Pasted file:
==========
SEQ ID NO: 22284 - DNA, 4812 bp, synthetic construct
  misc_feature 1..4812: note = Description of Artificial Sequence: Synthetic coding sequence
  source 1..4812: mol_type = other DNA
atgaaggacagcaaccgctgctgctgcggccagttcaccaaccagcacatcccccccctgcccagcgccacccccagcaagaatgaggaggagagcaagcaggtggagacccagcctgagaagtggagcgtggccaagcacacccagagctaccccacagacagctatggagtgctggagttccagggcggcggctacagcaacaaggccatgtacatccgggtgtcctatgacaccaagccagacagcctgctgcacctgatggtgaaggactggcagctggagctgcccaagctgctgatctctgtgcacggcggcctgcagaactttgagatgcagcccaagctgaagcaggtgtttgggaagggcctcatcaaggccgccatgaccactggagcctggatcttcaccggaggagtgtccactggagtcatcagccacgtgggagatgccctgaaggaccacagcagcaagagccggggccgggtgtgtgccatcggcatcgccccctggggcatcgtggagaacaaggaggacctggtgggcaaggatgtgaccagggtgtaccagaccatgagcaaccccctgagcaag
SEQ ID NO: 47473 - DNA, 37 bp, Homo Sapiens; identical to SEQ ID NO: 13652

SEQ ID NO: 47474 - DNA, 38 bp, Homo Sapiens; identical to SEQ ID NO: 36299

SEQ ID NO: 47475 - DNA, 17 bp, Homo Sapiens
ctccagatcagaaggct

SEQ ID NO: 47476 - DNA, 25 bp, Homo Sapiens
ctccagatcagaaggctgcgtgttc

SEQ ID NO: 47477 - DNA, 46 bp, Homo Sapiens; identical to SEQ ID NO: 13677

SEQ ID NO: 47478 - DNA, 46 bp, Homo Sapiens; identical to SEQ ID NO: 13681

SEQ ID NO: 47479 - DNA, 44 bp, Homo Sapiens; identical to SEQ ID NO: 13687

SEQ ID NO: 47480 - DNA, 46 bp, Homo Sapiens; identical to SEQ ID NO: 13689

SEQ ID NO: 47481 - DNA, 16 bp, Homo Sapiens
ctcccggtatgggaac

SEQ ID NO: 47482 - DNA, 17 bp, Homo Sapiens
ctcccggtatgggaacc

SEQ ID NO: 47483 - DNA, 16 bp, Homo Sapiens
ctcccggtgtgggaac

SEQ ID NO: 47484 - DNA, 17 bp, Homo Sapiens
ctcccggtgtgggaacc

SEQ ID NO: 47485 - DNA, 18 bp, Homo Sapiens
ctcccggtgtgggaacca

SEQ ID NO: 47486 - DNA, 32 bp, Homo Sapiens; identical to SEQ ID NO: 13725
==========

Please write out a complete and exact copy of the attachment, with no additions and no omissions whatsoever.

SEQ ID NO: 22284 - DNA, 4812 bp, synthetic construct
  misc_feature 1..4812: note = Description of Artificial Sequence: Synthetic coding sequence
  source 1..4812: mol_type = other DNA
atgaaggacagcaaccgctgctgctgcggccagttcaccaaccagcacatcccccccctgcccagcgccacccccagcaagaatgaggaggagagcaagcaggtggagacccagcctgagaagtggagcgtggccaagcacacccagagctaccccacagacagctatggagtgctggagttccagggcggcggctacagcaacaaggccatgtacatccgggtgtcctatgacaccaagccagacagcctgctgcacctgatggtgaaggactggcagctggagctgcccaagctgctgatctctgtgcacggcggcctgcagaactttgagatgcagcccaagctgaagcaggtgtttgggaagggcctcatcaaggccgccatgaccactggagcctggatcttcaccggaggagtgtccactggagtcatcagccacgtgggagatgccctgaaggaccacagcagcaagagccggggccgggtgtgtgccatcggcatcgccccctggggcatcgtggagaacaaggaggacctggtgggcaaggatgtgaccagggtgtaccagaccatgagcaaccccctgagcaag
SEQ ID NO: 47473 - DNA, 37 bp, Homo Sapiens; identical to SEQ ID NO: 13652

SEQ ID NO: 47474 - DNA, 38 bp, Homo Sapiens; identical to SEQ ID NO: 36299

SEQ ID NO: 47475 - DNA, 17 bp, Homo Sapiens
ctccagatcagaaggct

SEQ ID NO: 47476 - DNA, 25 bp, Homo Sapiens
ctccagatcagaaggctgcgtgttc

SEQ ID NO: 47477 - DNA, 46 bp, Homo Sapiens; identical to SEQ ID NO: 13677

SEQ ID NO: 47478 - DNA, 46 bp, Homo Sapiens; identical to SEQ ID NO: 13681

SEQ ID NO: 47479 - DNA, 44 bp, Homo Sapiens; identical to SEQ ID NO: 13687

SEQ ID NO: 47480 - DNA, 46 bp, Homo Sapiens; identical to SEQ ID NO: 13689

SEQ ID NO: 47481 - DNA, 16 bp, Homo Sapiens
ctcccggtatgggaac

SEQ ID NO: 47482 - DNA, 17 bp, Homo Sapiens
ctcccggtatgggaacc

SEQ ID NO: 47483 - DNA, 16 bp, Homo Sapiens
ctcccggtgtgggaac

SEQ ID NO: 47484 - DNA, 17 bp, Homo Sapiens
ctcccggtgtgggaacc

SEQ ID NO: 47485 - DNA, 18 bp, Homo Sapiens
ctcccggtgtgggaacca

SEQ ID NO: 47486 - DNA, 32 bp, Homo Sapiens; identical to SEQ ID NO: 13725